Building a Culture That Empowers Employees to Thrive

Building a Culture That Empowers Employees to Thrive

Creating the environment for employees to be productive is key to maximizing productivity. Too often, we allow corporate policies to shape and define the human capital. However, the environment is what drives human capital, so leaders need to create a corporate environment that enables human capital to be productive.


Understand the behaviors that make people successful and create a culture that allows them to thrive

— Increased productivity and basic skills.

— That help improve productivity and basic skills. Train to build productivity and develop interpersonal skills

Make sure they have the resources to achieve those goals, including the training that will help improve productivity and basic skills.

— The training that will help improve productivity and basic skills. Ensure that they have the tools, knowledge, and opportunity to learn and grow


Offer a competitive salary

I’ve worked at companies where recruitment and retention have been the top two issues.

No doubt there are many more.

After working for two companies with a low and high pay spectrum, it’s become abundantly clear that compensation is a key contributing factor to the ability of the company to recruit, retain and promote staff.

You’ll want to make sure your value is more than reflected in the salary you are asking for.


Be flexible with work hours

Make sure you’re flexible with your work hours so you can be there for your children. If you have small children, it’s easy to let commitments and deadlines slip as you’re focused on them.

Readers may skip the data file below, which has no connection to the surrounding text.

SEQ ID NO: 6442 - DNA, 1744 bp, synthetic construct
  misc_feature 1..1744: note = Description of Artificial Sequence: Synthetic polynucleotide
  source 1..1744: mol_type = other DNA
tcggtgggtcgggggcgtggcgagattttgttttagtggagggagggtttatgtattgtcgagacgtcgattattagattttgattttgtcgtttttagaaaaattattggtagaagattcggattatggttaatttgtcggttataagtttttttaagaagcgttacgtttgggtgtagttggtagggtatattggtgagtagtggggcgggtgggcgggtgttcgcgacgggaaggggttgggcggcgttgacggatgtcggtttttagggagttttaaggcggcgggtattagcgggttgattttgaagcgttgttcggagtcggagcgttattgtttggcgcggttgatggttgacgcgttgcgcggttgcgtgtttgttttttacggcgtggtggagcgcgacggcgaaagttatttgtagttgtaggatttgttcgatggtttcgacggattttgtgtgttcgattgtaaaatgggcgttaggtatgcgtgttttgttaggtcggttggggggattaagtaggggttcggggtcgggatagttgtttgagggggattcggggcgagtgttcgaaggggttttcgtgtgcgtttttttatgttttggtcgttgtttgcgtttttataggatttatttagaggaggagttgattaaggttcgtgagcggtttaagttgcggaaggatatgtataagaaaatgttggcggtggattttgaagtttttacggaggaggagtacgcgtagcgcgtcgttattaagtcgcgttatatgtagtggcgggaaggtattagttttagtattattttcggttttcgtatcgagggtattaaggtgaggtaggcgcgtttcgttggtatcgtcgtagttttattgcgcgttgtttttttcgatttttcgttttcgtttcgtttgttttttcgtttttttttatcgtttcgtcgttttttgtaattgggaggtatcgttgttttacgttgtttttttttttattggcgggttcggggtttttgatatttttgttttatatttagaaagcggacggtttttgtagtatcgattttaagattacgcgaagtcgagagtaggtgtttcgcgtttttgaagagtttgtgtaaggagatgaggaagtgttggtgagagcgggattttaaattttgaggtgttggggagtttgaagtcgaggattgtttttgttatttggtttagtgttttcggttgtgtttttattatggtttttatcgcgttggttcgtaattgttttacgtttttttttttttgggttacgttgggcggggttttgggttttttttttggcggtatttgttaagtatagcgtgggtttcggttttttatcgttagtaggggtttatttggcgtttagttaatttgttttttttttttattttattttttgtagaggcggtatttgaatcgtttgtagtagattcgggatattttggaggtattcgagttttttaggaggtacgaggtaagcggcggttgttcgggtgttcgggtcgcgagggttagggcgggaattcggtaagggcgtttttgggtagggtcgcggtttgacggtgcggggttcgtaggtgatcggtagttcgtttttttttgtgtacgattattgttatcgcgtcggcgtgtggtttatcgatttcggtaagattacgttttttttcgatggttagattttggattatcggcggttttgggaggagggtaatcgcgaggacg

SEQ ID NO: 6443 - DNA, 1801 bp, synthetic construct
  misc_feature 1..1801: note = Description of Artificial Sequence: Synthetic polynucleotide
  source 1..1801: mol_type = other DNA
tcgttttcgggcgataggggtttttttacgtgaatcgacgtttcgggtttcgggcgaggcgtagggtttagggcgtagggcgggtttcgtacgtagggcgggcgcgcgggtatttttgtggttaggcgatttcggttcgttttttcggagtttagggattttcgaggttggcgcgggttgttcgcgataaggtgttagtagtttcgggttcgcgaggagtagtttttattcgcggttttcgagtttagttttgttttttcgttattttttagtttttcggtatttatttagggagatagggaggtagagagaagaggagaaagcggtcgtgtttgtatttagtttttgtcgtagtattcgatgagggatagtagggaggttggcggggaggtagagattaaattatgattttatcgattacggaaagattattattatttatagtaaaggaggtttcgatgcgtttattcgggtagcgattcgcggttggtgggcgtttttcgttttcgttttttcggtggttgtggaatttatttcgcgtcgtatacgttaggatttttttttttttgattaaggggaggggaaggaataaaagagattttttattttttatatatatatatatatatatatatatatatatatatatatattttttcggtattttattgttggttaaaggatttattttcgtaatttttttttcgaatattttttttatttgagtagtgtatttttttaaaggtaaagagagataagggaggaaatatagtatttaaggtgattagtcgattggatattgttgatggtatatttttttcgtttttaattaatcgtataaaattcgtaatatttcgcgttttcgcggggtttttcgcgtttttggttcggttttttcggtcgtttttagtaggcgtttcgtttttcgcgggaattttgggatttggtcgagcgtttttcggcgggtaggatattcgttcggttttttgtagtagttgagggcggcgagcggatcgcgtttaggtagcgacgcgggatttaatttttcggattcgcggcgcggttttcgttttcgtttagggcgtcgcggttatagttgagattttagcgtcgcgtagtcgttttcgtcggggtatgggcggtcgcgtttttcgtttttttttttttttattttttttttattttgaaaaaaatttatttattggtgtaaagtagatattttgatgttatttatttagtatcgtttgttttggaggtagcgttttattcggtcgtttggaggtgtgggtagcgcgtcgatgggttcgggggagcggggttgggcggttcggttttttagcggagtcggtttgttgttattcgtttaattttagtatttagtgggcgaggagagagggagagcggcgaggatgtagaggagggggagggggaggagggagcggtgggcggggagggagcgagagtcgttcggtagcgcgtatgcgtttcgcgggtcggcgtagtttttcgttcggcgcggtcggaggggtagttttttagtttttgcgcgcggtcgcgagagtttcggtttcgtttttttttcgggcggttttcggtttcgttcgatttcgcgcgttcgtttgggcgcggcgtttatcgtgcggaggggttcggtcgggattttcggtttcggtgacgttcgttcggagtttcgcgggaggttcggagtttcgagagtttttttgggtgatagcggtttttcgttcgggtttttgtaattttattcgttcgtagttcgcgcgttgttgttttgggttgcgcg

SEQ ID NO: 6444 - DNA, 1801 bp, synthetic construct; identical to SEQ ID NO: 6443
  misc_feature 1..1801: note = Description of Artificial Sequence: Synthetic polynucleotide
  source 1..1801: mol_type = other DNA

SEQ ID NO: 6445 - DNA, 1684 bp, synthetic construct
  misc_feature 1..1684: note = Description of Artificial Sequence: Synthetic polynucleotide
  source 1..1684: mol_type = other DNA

Make sure you’re well prepared for interviews by dressing professionally, giving yourself plenty of time to do your hair and nails and giving your interviewer lots of notice of any schedule changes.

Be able to demonstrate positive personality traits: both soft and hard skills

Examples of soft skills employers want to see are compassion, integrity, honesty and respect. Examples of hard skills include communication, the ability to work well under pressure and deal with diverse situations.


Offer benefits

Sometimes, the best way for your boss to test your commitment is to test your loyalty.

All employers want loyal staff. The more loyal you are, the more valuable you are to the organisation.

It is the employers right to ask you about your long term commitment to the company and should they choose to do so, the better it is that you know exactly what they’re looking for, and that you have a positive response.

Your employer can then tailor your working conditions, commute and offers to reflect the long term benefits you will offer.

Find out what you want in your work environment

One way to determine what you want in your new job is to explore what similar roles are paying.


Help the company succeed

Most people think about loyalty in a negative way. In business, loyalty is a fundamental requirement for growth. It’s no different to employee development.

Companies invest in their staff to the tune of many thousands of dollars, aiming to make them more effective and productive.

Are you enjoying working at the company and providing a benefit to them? Are you consistently doing what you need to do to help your company to succeed?

Are you being rewarded appropriately for your efforts? Do you feel your skills and knowledge are recognised and valued?